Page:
Author and professor Vine Deloria Jr. pointed out that people can go out on the land to strip mine, but they can not go out on the land to pray. Places have power, and one of those powerful places is Devil's Tower in Wyoming, near the South Dakota border.
Johnson Holy Rock, Lakota, is among the spiritual leaders that tell of the sacredness of the Black Hills. By treaty, the Black Hills and Devil's Tower belong to the Sioux. Yet, the gold rush was followed by the longest legal battle in U.S. history as Sioux struggled for their treaty rights to the Black Hills.
Elaine Quiver, Lakota, said everything comes back to life in the month of June, and this is the place for this "re-creation."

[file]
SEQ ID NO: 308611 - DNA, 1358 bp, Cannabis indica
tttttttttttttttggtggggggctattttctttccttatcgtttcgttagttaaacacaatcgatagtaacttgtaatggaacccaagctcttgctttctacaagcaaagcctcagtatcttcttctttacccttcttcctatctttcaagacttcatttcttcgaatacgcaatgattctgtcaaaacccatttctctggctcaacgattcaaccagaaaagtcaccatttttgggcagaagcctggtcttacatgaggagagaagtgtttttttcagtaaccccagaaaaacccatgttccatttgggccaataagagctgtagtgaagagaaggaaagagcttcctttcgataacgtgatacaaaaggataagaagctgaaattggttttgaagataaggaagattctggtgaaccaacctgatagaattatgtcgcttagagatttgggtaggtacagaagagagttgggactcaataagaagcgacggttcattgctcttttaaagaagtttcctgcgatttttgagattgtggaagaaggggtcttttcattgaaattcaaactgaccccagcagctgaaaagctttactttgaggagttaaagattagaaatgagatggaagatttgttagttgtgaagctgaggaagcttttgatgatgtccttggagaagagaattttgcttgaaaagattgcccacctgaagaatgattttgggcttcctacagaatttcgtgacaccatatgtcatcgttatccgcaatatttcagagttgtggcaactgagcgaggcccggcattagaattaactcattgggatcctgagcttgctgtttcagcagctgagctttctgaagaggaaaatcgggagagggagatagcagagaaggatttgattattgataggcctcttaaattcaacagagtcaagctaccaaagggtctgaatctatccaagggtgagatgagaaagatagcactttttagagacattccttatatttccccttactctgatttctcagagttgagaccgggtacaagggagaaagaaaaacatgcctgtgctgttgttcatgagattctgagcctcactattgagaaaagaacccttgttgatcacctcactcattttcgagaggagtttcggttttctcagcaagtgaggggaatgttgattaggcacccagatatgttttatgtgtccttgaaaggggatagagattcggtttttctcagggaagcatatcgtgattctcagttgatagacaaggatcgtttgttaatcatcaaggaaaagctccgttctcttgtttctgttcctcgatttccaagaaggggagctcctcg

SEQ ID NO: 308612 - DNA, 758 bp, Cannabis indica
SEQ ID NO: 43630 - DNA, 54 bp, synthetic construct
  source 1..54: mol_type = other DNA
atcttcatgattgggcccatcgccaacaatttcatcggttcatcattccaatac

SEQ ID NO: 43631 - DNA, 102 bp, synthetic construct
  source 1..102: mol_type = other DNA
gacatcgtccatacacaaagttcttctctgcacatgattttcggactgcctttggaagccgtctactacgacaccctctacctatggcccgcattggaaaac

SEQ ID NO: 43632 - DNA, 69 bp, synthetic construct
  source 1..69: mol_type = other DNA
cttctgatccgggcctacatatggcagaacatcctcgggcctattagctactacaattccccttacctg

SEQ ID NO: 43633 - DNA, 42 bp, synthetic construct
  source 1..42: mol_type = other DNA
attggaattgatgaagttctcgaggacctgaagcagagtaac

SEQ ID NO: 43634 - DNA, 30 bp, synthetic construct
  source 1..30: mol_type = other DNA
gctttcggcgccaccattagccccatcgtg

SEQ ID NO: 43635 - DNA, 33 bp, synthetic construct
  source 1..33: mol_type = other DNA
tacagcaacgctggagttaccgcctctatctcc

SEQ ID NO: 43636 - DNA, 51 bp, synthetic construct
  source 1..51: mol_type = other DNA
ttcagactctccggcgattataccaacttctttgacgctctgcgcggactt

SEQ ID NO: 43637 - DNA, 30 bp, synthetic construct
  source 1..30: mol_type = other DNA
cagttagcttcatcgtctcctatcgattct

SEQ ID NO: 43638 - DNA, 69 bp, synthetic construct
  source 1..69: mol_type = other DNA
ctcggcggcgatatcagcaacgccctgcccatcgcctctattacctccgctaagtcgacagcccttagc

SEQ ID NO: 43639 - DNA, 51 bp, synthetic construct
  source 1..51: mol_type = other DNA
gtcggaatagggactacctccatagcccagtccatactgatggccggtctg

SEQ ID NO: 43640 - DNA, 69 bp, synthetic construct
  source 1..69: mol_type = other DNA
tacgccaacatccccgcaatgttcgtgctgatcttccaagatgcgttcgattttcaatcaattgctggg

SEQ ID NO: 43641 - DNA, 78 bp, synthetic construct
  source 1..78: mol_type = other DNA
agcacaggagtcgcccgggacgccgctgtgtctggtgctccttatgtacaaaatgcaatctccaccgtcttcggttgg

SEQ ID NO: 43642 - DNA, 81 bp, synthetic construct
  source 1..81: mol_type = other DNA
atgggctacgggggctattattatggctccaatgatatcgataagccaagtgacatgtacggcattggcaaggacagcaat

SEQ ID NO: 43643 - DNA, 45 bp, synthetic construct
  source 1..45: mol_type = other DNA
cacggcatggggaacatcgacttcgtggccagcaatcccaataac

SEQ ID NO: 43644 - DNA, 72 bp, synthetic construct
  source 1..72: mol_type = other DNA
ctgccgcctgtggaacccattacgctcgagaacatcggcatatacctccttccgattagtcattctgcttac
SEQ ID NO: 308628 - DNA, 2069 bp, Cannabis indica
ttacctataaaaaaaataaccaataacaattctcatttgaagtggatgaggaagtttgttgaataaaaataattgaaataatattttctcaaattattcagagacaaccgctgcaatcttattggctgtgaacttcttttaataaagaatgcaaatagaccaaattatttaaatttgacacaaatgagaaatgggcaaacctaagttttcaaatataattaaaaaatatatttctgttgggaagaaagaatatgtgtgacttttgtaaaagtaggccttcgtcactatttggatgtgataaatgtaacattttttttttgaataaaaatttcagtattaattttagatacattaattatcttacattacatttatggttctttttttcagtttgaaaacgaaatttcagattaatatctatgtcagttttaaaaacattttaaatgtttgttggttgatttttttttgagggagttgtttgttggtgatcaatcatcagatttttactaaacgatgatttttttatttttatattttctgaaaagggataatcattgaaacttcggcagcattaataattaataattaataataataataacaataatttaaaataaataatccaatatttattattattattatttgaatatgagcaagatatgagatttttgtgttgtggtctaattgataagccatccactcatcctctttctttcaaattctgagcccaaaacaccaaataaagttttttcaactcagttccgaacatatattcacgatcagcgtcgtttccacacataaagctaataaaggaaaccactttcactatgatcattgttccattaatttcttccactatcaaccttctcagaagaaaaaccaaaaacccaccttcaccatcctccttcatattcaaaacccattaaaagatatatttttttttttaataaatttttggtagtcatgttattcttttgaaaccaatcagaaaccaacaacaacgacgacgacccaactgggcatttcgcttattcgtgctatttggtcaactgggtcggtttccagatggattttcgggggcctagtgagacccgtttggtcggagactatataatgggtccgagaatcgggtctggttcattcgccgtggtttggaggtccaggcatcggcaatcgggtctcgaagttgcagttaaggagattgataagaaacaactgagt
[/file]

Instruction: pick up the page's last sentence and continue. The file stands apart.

It is however, "recreation," specifically rock climbing, that led climbers and the Mountain States Legal Foundation to challenge the National Park Service's request for climbers to voluntary abstain from climbing during ceremonies in June. Now, rock climbers have the legal right to climb Devil's Tower, even when the sweatlodge ceremony is under way.
Meanwhile, it is a federal crime to climb the faces of Mount Rushmore.
Thomas Banyacya, who passed to the Spirit World after the film was produced, describes the Hopi emergence in the Grand Canyon. Some Hopi shrines and places of pilgrimage are now on private land, including Woodruff Butte. On Black Mesa, the sacred places on Hopi land are strip-mined for coal. On San Francisco Peaks, where the Kachina spirits live and bring the rain, a pumice mining company, White Vulcan Mine, destroyed the mountain's face until the government paid the company $1 million to cease operations.